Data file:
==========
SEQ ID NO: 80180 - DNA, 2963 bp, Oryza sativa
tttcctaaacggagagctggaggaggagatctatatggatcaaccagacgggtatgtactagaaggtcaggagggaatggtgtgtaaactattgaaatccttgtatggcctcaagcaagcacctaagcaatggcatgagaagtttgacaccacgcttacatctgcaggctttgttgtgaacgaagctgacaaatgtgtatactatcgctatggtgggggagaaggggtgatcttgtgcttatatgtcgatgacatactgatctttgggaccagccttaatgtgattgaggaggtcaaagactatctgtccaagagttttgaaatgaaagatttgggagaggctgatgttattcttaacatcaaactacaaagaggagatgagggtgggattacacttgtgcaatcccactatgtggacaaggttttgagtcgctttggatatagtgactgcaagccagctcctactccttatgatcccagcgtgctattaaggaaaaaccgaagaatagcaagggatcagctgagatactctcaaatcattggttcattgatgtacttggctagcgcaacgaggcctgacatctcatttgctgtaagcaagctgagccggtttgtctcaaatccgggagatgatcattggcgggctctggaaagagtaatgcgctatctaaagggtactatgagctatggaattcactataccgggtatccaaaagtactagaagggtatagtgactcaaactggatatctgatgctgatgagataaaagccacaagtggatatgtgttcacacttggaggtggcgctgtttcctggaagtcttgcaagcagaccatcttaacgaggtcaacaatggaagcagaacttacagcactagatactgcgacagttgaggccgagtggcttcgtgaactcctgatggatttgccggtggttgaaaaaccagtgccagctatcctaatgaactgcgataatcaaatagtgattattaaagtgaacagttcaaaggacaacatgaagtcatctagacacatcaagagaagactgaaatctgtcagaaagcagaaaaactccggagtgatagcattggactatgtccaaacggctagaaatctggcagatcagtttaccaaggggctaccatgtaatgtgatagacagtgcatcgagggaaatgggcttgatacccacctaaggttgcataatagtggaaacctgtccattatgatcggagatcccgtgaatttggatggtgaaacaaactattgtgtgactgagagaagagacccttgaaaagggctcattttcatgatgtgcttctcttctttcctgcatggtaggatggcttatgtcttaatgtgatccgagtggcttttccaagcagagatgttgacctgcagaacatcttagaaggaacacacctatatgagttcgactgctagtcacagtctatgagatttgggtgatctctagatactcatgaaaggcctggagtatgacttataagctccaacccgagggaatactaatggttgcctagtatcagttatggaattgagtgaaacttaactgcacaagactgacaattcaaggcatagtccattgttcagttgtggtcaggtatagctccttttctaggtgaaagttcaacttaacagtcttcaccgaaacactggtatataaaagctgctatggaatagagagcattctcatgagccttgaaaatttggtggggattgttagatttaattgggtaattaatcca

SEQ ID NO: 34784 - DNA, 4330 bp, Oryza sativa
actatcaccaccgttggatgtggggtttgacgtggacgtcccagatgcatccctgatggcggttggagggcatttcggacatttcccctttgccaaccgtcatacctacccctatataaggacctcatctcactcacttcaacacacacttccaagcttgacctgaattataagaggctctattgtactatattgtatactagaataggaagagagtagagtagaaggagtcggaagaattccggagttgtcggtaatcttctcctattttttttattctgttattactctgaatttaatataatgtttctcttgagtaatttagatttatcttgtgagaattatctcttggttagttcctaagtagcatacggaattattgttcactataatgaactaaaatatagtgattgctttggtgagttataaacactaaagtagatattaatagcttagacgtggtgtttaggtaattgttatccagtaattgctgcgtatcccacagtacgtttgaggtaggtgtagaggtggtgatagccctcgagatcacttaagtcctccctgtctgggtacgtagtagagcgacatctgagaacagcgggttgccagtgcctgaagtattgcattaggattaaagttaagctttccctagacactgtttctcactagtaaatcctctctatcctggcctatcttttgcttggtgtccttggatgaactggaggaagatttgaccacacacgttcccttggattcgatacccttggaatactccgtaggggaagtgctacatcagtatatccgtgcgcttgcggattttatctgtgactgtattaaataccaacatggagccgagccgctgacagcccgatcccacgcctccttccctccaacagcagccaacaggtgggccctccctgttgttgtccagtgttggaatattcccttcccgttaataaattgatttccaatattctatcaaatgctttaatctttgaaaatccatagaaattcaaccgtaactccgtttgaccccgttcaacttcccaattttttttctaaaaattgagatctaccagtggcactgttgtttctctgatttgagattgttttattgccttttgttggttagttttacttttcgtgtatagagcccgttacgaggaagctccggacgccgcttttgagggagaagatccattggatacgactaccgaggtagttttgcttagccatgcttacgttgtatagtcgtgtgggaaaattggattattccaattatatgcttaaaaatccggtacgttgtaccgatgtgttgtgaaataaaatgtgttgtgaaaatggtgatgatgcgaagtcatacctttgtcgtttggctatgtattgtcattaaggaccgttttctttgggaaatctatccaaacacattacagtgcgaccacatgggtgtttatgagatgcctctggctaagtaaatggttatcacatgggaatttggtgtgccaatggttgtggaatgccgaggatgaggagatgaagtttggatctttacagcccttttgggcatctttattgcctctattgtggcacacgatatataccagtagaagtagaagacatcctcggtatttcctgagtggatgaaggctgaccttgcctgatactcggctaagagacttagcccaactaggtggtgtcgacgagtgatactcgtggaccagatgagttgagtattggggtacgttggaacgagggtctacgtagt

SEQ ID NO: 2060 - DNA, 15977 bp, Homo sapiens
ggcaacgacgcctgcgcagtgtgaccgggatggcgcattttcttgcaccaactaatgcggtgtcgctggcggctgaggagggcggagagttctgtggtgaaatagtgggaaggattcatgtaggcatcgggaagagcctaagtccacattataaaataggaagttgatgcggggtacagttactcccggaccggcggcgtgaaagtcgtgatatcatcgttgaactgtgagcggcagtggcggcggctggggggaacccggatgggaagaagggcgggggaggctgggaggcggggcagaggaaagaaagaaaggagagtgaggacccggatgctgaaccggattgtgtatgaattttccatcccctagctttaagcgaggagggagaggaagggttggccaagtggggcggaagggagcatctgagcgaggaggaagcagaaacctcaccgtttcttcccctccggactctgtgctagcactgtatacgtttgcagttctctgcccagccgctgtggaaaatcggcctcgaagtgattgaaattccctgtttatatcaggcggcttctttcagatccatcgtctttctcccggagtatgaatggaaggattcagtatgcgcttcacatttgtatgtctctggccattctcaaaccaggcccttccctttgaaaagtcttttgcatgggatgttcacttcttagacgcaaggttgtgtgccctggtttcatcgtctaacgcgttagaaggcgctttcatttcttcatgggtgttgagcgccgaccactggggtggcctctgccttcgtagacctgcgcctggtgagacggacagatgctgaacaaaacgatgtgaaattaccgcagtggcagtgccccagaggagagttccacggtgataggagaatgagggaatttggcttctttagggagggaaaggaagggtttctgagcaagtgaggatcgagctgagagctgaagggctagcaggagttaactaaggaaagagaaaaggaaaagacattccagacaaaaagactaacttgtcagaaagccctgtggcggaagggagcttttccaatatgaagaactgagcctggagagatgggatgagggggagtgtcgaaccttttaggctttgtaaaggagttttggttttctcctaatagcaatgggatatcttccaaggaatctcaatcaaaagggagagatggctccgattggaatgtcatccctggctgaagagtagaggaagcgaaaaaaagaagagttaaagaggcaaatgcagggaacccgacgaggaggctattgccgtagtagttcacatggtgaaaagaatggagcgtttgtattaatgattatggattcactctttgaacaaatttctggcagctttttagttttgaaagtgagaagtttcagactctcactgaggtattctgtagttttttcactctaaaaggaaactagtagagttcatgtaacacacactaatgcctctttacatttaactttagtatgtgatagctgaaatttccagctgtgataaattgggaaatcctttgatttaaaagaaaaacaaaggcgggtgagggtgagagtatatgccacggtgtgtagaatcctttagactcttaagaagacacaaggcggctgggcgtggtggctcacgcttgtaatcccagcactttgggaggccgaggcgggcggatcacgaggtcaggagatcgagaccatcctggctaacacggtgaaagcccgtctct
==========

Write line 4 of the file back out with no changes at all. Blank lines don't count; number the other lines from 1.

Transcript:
actatcaccaccgttggatgtggggtttgacgtggacgtcccagatgcatccctgatggcggttggagggcatttcggacatttcccctttgccaaccgtcatacctacccctatataaggacctcatctcactcacttcaacacacacttccaagcttgacctgaattataagaggctctattgtactatattgtatactagaataggaagagagtagagtagaaggagtcggaagaattccggagttgtcggtaatcttctcctattttttttattctgttattactctgaatttaatataatgtttctcttgagtaatttagatttatcttgtgagaattatctcttggttagttcctaagtagcatacggaattattgttcactataatgaactaaaatatagtgattgctttggtgagttataaacactaaagtagatattaatagcttagacgtggtgtttaggtaattgttatccagtaattgctgcgtatcccacagtacgtttgaggtaggtgtagaggtggtgatagccctcgagatcacttaagtcctccctgtctgggtacgtagtagagcgacatctgagaacagcgggttgccagtgcctgaagtattgcattaggattaaagttaagctttccctagacactgtttctcactagtaaatcctctctatcctggcctatcttttgcttggtgtccttggatgaactggaggaagatttgaccacacacgttcccttggattcgatacccttggaatactccgtaggggaagtgctacatcagtatatccgtgcgcttgcggattttatctgtgactgtattaaataccaacatggagccgagccgctgacagcccgatcccacgcctccttccctccaacagcagccaacaggtgggccctccctgttgttgtccagtgttggaatattcccttcccgttaataaattgatttccaatattctatcaaatgctttaatctttgaaaatccatagaaattcaaccgtaactccgtttgaccccgttcaacttcccaattttttttctaaaaattgagatctaccagtggcactgttgtttctctgatttgagattgttttattgccttttgttggttagttttacttttcgtgtatagagcccgttacgaggaagctccggacgccgcttttgagggagaagatccattggatacgactaccgaggtagttttgcttagccatgcttacgttgtatagtcgtgtgggaaaattggattattccaattatatgcttaaaaatccggtacgttgtaccgatgtgttgtgaaataaaatgtgttgtgaaaatggtgatgatgcgaagtcatacctttgtcgtttggctatgtattgtcattaaggaccgttttctttgggaaatctatccaaacacattacagtgcgaccacatgggtgtttatgagatgcctctggctaagtaaatggttatcacatgggaatttggtgtgccaatggttgtggaatgccgaggatgaggagatgaagtttggatctttacagcccttttgggcatctttattgcctctattgtggcacacgatatataccagtagaagtagaagacatcctcggtatttcctgagtggatgaaggctgaccttgcctgatactcggctaagagacttagcccaactaggtggtgtcgacgagtgatactcgtggaccagatgagttgagtattggggtacgttggaacgagggtctacgtagt